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On June 22nd, my wife broke her ankle while she was bouldering (a form of rock climbing without ropes) in a gym in Montreal.  It was a very bad break:  It was an open wound and one of the bones in her ankle was crushed.  She required surgery that very evening that lasted 2.5 hours.  The surgeon did an impeccable job and managed to reconstruct her ankle: all the bones are back in the right place.  It is now up to her to allow the healing to take place.

I write to you  later.  I have learnt something about myself; something that I am not very proud of.

You see, when I first learnt of the injury, I was told she had fallen from a height of approximately 12 feet.  The day after the surgery,. She had confirmed this but did not want to give any details.  It was only after she got out of the hospital, June 25th, that I learnt the full story.

One of the instructors at the gym had told her that it was safe to jump at the maximum height (which is about 12 feet).  You just have to do it properly by bending your knees to absorb the impact.  So, at the end of the day, having climbed one last time, and being tired from the day’s activities, she decided to jump from that height instead of asking for help to climb back down.  She had accepted the instructor’s advice.

Up until the time that I learnt the truth of what actually happened, I was full of compassion.  But when I found out that she had actually jumped and that her broken ankle was, to some extent, her fault, my compassion diminished greatly.

I now had to do everything: Accompanying her to her appointments, preparing all the meals and cleaning up afterwards, cleaning the house, doing the laundry, looking after our daughter, etc.  At the end of every day, I am physically and mentally exhausted.  My vacation time was spent doing all of that.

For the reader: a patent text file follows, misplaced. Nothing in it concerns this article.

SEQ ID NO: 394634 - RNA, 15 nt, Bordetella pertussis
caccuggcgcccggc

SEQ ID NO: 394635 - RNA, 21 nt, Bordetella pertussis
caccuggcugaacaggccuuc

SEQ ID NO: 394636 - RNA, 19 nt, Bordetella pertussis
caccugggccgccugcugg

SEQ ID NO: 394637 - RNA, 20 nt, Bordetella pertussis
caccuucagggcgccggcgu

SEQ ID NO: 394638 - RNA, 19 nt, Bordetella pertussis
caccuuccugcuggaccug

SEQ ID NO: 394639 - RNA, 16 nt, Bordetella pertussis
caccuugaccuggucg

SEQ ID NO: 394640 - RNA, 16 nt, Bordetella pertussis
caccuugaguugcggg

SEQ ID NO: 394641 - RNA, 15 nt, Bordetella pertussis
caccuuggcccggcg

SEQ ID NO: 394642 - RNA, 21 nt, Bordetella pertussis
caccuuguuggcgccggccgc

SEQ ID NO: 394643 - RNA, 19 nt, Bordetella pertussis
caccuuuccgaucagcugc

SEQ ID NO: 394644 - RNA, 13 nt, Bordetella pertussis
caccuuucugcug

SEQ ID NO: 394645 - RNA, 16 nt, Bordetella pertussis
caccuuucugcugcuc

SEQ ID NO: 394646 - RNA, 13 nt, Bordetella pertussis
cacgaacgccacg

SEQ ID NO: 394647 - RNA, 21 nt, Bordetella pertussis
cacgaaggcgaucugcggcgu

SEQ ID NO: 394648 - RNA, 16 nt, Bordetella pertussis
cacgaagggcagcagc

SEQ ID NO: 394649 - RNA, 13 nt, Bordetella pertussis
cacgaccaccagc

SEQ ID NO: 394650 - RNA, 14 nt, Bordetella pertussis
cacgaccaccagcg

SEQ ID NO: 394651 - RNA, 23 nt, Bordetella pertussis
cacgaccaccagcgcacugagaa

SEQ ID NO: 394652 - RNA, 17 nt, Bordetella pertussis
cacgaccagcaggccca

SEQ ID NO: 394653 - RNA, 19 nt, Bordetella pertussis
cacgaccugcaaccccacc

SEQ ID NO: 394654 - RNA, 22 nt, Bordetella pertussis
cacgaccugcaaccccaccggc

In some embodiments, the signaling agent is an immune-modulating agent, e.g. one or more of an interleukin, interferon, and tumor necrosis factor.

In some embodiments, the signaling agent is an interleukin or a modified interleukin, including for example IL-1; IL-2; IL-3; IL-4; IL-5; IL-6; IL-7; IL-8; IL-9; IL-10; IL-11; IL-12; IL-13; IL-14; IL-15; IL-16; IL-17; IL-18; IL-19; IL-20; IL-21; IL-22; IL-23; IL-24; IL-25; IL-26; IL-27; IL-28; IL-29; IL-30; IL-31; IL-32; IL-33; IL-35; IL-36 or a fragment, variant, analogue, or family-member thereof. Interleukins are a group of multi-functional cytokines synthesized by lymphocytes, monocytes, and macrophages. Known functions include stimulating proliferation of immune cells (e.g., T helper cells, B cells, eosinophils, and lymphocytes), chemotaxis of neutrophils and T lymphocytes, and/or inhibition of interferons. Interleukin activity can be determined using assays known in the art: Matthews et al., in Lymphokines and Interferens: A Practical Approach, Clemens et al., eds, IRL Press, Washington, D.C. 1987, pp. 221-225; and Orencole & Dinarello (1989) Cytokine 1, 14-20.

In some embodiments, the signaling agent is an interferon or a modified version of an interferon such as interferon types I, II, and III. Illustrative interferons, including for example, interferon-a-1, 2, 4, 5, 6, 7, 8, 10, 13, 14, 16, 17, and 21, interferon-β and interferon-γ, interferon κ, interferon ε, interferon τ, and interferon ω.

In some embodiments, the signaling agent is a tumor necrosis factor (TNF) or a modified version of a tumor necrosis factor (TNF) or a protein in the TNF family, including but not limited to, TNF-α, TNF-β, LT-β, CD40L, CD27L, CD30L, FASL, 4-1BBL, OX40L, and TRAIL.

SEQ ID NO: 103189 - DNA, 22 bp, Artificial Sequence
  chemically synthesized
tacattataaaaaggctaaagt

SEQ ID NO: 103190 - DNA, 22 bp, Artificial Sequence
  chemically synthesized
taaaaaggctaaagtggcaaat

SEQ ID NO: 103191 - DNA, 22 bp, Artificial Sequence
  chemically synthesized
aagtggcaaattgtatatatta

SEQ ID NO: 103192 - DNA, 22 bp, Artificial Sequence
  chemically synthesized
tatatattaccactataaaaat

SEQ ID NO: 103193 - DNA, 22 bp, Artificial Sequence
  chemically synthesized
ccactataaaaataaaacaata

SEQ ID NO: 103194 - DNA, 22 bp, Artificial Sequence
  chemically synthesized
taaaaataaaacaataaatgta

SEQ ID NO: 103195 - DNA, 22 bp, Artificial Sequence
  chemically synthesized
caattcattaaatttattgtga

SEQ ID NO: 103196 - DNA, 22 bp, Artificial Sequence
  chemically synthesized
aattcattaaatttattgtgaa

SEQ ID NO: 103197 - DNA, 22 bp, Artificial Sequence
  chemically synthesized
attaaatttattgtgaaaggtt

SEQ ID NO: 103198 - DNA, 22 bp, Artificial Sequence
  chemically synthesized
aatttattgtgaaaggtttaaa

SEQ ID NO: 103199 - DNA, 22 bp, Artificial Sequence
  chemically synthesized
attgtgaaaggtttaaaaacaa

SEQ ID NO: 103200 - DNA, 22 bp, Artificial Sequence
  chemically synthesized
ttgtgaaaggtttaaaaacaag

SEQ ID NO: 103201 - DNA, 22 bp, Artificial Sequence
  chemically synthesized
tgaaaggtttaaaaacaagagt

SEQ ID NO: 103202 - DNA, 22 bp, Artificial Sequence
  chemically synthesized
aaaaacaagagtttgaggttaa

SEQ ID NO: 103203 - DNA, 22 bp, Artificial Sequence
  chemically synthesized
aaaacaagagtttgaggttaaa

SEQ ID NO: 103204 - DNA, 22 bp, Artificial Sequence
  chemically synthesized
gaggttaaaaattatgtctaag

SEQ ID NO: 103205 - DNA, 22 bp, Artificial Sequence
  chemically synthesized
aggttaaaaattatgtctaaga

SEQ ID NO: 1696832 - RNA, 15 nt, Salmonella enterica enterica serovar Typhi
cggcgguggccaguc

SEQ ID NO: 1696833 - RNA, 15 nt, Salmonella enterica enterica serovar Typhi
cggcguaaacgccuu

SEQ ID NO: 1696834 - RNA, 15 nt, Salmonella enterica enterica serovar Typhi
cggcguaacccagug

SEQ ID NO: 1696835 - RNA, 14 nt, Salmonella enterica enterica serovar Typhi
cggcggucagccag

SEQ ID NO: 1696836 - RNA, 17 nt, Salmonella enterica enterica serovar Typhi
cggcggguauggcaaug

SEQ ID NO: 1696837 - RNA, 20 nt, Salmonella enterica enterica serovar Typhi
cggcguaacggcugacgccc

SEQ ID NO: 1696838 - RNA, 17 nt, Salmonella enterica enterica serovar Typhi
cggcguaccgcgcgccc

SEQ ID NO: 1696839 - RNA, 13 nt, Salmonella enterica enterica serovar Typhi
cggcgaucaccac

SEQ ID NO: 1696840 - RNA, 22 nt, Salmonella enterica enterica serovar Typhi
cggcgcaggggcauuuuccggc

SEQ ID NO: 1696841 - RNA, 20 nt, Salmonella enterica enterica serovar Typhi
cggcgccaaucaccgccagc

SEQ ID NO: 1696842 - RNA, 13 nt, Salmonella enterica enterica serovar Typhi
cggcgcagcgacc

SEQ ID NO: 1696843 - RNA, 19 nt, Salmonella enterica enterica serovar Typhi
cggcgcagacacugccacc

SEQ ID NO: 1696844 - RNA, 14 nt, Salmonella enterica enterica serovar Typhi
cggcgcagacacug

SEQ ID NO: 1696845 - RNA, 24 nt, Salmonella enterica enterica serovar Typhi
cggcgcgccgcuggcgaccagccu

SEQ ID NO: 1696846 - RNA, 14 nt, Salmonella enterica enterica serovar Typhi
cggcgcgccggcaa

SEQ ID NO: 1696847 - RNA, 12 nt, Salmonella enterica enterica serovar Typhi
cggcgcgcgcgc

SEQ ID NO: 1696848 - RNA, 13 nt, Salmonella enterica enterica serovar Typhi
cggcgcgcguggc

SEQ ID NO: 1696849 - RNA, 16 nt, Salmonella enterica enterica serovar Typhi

So, when I found out that she had jumped and not fallen, I started to say to myself: This could have been avoided; I’m doing all this work; my vacation time has been screwed.  My resentment was growing by the hour.

As I was bringing these emotions and thoughts to prayer, I realized that I was not unlike the same people who divide others into two groups: the ones who deserve our compassion and the ones who do not.  For example, people who have a physical or mental disability, who are unable to work and go on social assistance, deserve our compassion.

However, single people with no such disabilities who go on social assistance do not deserve our compassion because they are quickly judged to be “lazy bums” scamming the system.

We could say the same for sponsored refugees who arrive to Canada through the regular way; they deserve our compassion.  But the ones who arrive as refugee claimants (asylum seekers) are thought to be queue jumpers and do not deserve our compassion.

As the Spirit continued to lead me along this prayer path, I started to think about the Prodigal Son Parable.  Of all of Jesus’ parables, this one has always spoken to me the most.  Not because of the prodigal son, but rather the older son.  The one who is resentful.  The one who has obeyed his father throughout his life.  Obeyed, not out of love; obeyed out of a sense of duty and obligation.

That is who I am; that is my cross to bear.  And I realized that the Spirit was leading me to look at myself again; to see how unlike the Father/Mother my behaviour was.  The father in the Prodigal Son Parable is full of compassion even though the son is thoroughly undeserving according to our human standards.

But God’s compassion blows our human standards to pieces.  God’s compassion knows no bounds.  It doesn’t matter how you messed up; God will have compassion for you.

The next day, I approached my wife and I asked her for her forgiveness.  I explained to her my lack of compassion towards her.  And I continue to pray to be more God-like in my compassion and less like the Older Son.  It is not always easy.